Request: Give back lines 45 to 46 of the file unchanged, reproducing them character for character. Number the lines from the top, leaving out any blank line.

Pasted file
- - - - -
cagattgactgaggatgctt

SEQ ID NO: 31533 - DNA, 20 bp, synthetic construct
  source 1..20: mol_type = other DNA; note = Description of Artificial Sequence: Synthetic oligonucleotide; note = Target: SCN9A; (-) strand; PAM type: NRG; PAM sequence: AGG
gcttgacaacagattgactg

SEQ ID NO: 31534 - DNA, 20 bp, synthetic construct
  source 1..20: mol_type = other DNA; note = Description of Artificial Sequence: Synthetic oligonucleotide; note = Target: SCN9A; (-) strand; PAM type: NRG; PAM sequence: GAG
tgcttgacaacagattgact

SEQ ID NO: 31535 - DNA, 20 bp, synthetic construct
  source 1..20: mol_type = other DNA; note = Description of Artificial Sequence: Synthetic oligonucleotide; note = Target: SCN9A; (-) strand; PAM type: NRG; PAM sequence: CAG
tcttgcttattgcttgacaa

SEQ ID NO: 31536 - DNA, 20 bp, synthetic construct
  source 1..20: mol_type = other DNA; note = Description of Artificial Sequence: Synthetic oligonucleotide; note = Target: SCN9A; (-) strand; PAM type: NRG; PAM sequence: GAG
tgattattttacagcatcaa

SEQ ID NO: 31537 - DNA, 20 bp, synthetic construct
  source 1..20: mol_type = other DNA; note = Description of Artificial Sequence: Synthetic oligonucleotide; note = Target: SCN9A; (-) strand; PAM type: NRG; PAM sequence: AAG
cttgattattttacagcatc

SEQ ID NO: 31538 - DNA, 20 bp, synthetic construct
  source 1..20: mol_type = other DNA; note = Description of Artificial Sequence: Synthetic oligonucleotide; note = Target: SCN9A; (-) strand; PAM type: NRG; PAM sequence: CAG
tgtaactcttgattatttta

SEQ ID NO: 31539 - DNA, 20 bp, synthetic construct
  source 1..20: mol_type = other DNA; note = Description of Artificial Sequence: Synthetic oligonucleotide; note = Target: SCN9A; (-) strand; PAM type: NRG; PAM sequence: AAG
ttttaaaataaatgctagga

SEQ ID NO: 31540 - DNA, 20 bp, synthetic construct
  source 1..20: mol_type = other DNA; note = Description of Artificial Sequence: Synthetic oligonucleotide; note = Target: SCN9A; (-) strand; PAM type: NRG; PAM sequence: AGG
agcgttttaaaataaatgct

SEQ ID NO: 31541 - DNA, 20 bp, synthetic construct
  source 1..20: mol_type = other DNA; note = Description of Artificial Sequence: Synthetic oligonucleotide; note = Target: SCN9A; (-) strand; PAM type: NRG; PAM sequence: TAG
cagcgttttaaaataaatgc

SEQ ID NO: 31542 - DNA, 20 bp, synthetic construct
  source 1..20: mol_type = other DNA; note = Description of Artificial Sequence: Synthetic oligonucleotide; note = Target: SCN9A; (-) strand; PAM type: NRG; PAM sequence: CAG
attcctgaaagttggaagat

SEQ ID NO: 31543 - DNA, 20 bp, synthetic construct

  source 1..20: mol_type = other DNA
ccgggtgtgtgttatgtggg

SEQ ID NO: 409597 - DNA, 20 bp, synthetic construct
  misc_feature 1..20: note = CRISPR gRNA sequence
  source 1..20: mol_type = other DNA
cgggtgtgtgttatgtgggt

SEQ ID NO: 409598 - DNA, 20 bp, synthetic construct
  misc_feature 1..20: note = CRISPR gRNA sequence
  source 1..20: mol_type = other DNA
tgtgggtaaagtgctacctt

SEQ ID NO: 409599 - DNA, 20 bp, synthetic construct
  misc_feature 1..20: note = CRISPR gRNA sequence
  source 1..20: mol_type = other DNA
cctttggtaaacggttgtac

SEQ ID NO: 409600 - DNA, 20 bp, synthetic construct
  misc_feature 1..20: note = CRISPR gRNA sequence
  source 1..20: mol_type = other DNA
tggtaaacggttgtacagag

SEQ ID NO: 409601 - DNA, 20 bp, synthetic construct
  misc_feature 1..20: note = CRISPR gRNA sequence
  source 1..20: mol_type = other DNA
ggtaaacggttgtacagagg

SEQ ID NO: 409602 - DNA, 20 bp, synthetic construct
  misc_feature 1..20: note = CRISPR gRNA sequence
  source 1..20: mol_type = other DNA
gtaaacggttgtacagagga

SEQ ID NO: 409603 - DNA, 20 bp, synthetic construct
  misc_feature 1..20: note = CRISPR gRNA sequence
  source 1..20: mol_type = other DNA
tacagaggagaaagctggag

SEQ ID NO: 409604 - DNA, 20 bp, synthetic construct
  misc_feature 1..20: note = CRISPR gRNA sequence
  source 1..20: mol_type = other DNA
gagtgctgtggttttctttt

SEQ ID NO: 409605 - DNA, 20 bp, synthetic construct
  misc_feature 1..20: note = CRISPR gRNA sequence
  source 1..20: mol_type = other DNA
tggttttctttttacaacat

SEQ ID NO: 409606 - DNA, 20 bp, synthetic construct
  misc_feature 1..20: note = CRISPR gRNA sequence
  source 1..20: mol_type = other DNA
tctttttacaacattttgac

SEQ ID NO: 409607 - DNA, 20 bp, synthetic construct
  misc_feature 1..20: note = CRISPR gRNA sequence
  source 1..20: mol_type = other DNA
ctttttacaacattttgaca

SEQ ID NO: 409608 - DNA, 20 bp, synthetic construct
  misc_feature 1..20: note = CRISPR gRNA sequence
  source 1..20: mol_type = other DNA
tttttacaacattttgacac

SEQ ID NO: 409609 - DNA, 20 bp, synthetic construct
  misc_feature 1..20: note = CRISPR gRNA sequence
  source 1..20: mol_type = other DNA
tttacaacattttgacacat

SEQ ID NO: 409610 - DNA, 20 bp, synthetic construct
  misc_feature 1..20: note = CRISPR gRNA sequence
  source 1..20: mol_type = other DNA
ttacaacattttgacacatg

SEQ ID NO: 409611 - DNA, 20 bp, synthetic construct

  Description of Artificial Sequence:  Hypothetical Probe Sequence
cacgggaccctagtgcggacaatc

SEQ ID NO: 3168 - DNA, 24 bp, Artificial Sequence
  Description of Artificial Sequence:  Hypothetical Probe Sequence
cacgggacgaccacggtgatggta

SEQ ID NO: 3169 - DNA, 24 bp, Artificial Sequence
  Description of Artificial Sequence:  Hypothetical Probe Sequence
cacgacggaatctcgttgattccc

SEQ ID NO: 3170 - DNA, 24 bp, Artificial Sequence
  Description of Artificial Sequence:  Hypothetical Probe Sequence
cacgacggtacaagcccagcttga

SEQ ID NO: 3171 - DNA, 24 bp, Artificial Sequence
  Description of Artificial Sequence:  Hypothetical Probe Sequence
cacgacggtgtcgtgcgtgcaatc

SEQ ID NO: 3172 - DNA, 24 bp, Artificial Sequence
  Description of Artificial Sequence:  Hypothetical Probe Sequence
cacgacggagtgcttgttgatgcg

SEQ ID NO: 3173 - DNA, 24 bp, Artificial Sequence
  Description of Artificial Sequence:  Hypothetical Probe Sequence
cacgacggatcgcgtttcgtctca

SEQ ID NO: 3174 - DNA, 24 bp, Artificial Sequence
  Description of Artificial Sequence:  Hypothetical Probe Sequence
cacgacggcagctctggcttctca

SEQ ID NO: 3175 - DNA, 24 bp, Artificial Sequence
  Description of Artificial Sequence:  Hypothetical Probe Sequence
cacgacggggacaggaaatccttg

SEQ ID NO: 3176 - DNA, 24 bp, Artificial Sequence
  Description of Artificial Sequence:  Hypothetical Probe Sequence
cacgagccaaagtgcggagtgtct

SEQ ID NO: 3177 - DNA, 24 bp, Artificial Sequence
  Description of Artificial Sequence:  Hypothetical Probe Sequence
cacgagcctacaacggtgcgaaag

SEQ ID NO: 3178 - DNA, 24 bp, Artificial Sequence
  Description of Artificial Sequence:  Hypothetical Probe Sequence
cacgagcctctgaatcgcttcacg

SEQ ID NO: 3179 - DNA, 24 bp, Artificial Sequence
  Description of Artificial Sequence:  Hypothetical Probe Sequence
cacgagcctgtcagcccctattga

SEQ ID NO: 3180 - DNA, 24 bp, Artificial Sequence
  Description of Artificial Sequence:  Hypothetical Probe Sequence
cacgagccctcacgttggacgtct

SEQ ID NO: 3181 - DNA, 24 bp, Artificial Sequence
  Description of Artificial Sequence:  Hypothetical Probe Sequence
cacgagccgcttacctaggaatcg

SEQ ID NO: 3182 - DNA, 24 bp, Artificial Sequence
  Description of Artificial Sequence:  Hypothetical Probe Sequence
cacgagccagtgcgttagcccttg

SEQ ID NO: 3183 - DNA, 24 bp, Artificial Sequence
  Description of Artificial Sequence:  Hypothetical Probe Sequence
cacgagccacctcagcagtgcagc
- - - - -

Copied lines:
  source 1..20: mol_type = other DNA
cctttggtaaacggttgtac